KYIV, Ukraine — Ukraine’s largest nuclear plant was reconnected to the national power grid on Friday afternoon, but its time offline renewed concerns about the safe operation of the plant and the consequences for millions of Ukrainians if there are further interruptions to power.
Ukrainian engineers were able to restore damaged external power lines after repeated shelling on Thursday, ensuring the facility was able to meet its own power needs and continue to operate safely, according to Ukrainian and international officials, but efforts to reconnect it to the grid took longer.
With fires raging around the plant, new shelling in and around the facility on a near daily basis and an exhausted and stressed team of Ukrainian engineers tasked with keeping the Zaporizhzhia Nuclear Power Plant running safely, however, calls for international intervention grew louder.
“Nowhere in the history of this world has a nuclear power plant become a part of a combat zone, so this really has to stop immediately,” Bonnie Denise Jenkins, the State Department’s under secretary for arms control and international security, told reporters in Brussels on Thursday. Russian actions, she said, “have created a serious risk of a nuclear incident — a dangerous radiation release — that could threaten not only the people and environment of Ukraine, but also affect neighboring countries and the entire international community.”
President Volodymyr Zelensky of Ukraine used his nightly address to underscore the risks, saying emergency systems had worked on Thursday, but that, had they failed, the country, and the world, would be contending with a nuclear accident.
And though the immediate threat appeared to have been averted, the disconnection of the plant from the national grid caused widespread power outages across southern Ukraine, adding to the misery wrought by the war. When fully operational, the plant provides electricity for some 20 percent of the country, including roughly four million homes.
The Zhaporizhzhia regional government said that as of Friday morning, energy supplies were “partially restored” from other sources. Residents across the region reported widespread power outages overnight and into the morning.
The plant was reconnected to the Ukrainian grid at 2:04 p.m., according to Ukraine’s nuclear energy agency, Energoatom. The agency, in a statement, praised the workers at the plant who “tirelessly and firmly hold the nuclear and radiation safety of Ukraine and the whole of Europe on their shoulders.” It was not immediately clear how many people were still without power.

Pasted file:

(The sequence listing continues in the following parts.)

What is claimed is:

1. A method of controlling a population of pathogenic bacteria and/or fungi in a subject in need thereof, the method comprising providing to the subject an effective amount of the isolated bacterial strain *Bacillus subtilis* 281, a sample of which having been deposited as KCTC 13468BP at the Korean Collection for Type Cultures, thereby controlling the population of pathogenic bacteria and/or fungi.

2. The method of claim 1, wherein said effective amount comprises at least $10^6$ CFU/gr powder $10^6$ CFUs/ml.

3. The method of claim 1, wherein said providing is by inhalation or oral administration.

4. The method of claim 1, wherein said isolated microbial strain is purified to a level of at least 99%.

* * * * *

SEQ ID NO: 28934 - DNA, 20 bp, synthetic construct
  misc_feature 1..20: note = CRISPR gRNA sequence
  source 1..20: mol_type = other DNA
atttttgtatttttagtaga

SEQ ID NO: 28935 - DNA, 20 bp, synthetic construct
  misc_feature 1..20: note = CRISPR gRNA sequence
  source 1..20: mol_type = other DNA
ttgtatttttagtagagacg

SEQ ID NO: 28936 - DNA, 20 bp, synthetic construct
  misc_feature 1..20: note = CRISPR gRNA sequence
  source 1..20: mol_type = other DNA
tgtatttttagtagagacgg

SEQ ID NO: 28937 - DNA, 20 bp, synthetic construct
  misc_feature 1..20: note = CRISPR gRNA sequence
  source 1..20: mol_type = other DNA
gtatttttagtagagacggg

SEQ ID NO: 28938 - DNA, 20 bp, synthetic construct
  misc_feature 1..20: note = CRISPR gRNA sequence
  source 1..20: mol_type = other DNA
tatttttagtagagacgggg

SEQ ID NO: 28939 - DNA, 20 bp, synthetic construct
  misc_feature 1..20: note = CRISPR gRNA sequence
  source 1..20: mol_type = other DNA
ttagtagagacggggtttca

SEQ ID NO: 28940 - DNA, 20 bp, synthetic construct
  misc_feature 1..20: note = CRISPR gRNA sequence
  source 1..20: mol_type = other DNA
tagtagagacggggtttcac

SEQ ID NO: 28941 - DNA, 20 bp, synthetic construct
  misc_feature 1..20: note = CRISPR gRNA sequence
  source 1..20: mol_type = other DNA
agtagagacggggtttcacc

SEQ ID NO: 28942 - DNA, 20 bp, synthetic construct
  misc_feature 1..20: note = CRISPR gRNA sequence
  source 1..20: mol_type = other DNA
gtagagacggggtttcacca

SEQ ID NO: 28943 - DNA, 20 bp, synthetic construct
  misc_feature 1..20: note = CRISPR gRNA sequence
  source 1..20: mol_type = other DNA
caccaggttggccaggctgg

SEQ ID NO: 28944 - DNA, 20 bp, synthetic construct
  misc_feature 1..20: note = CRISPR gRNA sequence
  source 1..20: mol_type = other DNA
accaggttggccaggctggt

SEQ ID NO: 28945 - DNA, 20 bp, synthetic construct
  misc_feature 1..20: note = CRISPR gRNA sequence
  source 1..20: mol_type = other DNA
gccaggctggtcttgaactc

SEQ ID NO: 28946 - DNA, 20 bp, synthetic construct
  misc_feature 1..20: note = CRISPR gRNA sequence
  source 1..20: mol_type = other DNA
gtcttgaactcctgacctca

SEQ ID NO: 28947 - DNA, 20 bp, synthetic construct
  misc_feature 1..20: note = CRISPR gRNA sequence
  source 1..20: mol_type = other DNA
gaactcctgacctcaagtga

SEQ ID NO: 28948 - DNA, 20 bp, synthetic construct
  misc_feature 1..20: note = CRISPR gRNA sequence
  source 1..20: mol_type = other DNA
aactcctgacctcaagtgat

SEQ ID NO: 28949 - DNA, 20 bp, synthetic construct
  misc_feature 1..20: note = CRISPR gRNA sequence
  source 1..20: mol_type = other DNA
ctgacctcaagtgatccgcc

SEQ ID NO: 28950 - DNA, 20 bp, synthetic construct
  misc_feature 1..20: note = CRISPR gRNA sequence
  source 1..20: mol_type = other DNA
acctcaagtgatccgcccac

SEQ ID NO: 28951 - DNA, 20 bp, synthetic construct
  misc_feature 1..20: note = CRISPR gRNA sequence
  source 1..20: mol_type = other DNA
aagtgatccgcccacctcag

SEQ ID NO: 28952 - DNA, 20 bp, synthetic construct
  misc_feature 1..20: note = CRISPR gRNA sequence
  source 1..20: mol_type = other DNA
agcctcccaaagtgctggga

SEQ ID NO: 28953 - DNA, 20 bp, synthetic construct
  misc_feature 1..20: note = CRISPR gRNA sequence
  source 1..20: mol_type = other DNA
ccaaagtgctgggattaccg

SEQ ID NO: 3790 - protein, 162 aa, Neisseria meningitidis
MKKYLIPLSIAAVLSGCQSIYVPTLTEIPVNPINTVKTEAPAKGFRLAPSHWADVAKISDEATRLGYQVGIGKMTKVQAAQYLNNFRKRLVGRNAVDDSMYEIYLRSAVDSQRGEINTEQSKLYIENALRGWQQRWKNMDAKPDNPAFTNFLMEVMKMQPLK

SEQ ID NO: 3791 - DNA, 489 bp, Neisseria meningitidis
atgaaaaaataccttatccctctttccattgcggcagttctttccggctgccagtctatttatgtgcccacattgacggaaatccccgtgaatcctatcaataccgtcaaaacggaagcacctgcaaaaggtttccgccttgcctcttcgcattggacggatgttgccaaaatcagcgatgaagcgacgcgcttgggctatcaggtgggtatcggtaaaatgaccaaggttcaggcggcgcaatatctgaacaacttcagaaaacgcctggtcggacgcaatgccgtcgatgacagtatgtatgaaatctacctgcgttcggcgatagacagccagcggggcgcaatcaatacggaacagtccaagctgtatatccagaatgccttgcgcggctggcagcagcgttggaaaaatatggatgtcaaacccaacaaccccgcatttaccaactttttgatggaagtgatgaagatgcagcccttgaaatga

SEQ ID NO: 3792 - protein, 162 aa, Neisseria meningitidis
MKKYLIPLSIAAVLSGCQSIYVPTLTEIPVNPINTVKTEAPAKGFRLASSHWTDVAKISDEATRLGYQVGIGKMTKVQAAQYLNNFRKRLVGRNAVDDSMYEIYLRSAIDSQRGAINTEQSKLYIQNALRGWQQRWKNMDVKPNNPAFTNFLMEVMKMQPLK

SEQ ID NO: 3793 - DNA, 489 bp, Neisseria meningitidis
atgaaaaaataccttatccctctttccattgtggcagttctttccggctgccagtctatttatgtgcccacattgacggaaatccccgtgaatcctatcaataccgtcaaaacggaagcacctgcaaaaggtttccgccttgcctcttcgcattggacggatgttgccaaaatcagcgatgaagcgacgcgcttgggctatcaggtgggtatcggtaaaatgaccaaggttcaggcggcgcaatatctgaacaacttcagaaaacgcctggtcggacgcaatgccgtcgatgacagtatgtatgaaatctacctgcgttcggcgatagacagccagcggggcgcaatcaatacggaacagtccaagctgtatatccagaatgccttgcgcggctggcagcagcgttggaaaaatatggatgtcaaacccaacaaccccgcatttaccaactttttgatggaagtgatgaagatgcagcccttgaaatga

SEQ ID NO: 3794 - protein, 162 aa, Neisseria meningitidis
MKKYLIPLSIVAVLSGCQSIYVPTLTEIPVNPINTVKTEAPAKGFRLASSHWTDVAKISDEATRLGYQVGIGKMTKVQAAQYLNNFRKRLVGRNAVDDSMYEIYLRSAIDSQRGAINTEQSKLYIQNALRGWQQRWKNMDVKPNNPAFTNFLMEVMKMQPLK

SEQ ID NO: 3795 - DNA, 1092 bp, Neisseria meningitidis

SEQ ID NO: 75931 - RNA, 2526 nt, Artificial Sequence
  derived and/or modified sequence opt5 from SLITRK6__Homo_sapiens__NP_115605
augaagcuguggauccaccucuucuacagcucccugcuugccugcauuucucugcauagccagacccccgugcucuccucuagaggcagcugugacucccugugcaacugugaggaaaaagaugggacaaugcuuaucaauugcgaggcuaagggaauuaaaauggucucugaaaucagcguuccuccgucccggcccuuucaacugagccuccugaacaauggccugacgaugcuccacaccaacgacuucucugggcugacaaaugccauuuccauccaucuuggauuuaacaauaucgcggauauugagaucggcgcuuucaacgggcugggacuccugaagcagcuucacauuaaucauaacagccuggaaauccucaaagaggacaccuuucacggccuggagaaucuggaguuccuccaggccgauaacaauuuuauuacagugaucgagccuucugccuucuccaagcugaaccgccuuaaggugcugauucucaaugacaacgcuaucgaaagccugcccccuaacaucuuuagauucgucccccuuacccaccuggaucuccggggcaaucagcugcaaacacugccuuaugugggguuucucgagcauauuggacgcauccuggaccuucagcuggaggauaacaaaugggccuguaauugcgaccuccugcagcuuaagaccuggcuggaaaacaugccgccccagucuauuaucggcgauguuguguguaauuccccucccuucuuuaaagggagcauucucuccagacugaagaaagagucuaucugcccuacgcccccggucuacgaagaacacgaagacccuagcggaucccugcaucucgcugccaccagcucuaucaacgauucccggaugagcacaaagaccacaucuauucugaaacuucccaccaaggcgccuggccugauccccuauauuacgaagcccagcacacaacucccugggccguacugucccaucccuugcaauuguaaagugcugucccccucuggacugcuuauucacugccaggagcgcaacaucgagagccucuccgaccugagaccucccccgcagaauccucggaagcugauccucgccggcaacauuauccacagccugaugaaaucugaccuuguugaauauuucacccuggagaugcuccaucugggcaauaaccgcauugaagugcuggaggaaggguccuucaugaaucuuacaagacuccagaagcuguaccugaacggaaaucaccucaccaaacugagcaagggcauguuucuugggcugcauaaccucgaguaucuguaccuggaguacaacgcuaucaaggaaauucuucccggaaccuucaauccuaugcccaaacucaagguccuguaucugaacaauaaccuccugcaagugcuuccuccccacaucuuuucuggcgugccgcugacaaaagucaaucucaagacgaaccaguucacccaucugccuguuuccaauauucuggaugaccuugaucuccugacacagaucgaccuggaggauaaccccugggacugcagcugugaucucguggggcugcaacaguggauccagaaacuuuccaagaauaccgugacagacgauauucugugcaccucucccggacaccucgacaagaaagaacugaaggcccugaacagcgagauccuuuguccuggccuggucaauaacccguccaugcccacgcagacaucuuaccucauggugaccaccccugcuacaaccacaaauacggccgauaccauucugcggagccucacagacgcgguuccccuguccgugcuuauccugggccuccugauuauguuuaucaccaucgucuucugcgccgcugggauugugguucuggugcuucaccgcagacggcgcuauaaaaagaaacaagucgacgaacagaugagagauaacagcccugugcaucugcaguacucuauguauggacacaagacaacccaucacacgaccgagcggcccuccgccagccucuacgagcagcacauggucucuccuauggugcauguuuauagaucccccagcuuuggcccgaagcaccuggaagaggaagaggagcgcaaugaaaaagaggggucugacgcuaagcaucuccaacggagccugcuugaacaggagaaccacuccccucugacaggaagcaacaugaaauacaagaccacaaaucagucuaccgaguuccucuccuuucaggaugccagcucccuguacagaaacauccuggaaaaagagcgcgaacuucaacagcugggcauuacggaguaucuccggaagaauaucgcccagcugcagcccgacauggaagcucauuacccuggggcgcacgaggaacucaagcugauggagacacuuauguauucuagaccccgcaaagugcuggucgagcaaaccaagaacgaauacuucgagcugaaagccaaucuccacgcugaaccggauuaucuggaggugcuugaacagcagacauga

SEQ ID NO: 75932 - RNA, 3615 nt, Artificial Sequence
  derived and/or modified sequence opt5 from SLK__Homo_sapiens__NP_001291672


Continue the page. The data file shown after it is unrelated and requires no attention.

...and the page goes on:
Ukrainians in occupied areas are already living under difficult conditions. In eastern Ukraine, Russian bombardments and fierce fighting have destroyed nearly all of the infrastructure needed to provide heat, power and clean water, leading the Ukrainian government to order a mandatory evacuation of the less than 200,000 people still living in the eastern Ukrainian region known as Donbas.
The situation in the occupied south is more complicated. Many of the towns and cities there fell in the first days of the war and were spared the widespread destruction witnessed in the east. But if the nuclear plant were to go offline again, the power for hundreds of thousands living in occupied territories could be compromised.
“The south of Ukraine — the occupied areas — is already in a state of humanitarian disaster,” Mr. Zelensky said. “In addition to all the evil that the occupiers brought there, electricity, water and sewage were cut off.”
Though the plant’s disconnection from the national grid appeared to be the related to nearby fighting, Ukrainian officials have been warning for weeks that Moscow wants to divert the power from the plant for its own needs by disconnecting it from the Ukrainian grid and then reconnecting it to the Russian grid, a potentially complicated process in a war zone that leaves room for an accident.
Ms. Jenkins, the State Department official, said the U.S. is working through the United Nations Security Council to persuade Moscow not to attempt such a potentially risky move.
“We don’t want that to happen,” she said. “We are continuing to talk with Russia and through these Security Council discussions and to impress upon Russia not to do that.”